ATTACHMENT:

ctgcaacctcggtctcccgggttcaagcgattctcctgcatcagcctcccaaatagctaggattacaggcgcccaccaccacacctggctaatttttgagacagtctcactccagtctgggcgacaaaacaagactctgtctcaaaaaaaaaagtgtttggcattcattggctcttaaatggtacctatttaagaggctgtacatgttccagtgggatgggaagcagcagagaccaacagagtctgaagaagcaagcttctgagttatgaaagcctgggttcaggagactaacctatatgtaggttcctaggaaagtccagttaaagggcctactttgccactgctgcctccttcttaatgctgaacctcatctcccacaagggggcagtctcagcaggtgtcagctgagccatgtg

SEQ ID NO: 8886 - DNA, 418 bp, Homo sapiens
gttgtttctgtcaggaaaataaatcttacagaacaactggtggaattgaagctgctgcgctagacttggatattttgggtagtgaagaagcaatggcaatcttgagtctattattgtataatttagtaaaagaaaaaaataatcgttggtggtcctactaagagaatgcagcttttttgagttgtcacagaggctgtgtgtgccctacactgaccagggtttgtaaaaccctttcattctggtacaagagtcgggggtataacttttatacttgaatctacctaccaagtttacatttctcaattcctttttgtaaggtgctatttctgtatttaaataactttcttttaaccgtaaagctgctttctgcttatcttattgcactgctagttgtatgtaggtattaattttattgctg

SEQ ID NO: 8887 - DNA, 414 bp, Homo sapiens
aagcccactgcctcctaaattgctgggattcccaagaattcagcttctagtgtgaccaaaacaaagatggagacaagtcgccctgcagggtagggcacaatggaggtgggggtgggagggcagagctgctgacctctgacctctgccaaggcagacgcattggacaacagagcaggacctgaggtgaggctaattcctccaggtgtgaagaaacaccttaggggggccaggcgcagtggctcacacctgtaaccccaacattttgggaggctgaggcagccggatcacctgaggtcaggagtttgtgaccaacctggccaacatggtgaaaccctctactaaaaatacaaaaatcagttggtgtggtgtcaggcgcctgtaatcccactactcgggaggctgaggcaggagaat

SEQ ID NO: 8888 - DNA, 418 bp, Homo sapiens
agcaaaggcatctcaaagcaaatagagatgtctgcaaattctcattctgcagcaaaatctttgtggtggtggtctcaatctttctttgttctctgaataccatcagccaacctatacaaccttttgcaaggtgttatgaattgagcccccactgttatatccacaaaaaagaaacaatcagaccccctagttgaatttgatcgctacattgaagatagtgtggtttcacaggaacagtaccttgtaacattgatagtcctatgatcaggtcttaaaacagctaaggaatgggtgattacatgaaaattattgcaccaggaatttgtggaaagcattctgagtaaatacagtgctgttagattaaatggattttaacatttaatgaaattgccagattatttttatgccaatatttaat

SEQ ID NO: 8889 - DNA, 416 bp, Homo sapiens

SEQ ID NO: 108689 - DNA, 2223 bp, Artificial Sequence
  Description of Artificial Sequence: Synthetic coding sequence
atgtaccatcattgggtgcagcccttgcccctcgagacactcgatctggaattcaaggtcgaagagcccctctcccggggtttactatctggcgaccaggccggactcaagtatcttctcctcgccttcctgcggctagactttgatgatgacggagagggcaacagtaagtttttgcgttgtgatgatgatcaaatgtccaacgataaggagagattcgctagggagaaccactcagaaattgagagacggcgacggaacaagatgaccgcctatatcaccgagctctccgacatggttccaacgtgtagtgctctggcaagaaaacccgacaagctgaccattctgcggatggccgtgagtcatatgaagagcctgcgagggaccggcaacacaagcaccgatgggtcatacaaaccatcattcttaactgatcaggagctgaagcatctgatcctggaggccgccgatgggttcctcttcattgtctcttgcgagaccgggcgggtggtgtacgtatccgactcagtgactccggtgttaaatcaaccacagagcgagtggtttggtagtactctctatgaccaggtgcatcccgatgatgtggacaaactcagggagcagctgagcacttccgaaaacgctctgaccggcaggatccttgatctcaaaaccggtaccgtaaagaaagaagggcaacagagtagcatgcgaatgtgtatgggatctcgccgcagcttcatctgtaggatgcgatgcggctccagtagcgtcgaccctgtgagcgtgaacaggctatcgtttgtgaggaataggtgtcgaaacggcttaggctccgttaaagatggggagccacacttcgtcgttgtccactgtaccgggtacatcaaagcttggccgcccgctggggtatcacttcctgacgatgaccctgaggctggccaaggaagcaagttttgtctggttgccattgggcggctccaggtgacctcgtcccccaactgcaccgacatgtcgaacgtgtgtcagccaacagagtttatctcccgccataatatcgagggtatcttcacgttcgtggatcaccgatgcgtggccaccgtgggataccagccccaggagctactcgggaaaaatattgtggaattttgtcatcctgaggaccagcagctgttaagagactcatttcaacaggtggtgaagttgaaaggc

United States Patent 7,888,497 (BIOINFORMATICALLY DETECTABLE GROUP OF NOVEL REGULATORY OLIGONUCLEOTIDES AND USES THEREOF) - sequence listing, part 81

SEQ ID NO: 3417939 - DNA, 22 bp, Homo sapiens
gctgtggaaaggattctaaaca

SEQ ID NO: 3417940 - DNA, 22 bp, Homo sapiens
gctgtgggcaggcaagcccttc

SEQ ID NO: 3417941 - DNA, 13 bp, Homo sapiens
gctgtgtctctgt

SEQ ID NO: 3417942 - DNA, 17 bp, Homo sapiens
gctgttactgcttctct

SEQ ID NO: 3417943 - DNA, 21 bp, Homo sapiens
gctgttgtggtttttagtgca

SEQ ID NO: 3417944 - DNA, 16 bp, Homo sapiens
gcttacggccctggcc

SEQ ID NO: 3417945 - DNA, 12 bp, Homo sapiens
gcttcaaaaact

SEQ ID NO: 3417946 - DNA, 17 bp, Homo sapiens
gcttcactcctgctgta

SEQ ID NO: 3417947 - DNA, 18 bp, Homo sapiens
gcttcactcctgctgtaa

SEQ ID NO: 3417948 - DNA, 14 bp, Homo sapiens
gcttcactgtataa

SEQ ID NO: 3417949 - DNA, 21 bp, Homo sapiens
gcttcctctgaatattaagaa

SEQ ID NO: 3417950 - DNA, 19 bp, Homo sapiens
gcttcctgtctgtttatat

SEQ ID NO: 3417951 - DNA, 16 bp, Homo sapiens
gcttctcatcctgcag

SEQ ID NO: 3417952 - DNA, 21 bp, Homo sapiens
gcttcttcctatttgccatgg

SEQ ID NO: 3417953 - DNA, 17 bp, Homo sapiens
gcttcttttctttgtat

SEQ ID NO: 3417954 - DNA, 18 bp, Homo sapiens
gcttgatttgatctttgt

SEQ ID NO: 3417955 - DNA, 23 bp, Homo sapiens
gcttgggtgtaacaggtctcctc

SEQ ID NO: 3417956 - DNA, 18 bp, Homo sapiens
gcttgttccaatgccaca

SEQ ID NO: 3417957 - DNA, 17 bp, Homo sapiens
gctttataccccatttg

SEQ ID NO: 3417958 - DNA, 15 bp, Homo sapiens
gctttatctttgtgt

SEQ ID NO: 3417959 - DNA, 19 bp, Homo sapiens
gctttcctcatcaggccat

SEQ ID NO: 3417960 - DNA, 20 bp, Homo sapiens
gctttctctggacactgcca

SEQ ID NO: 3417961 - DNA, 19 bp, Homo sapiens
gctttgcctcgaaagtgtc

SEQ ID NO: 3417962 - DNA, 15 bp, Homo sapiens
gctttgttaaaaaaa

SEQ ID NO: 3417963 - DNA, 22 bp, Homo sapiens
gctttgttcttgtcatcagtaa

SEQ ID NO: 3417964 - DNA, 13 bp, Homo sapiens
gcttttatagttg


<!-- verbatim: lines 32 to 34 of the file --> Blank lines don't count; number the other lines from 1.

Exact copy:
gcttcactgtataa

SEQ ID NO: 3417949 - DNA, 21 bp, Homo sapiens
gcttcctctgaatattaagaa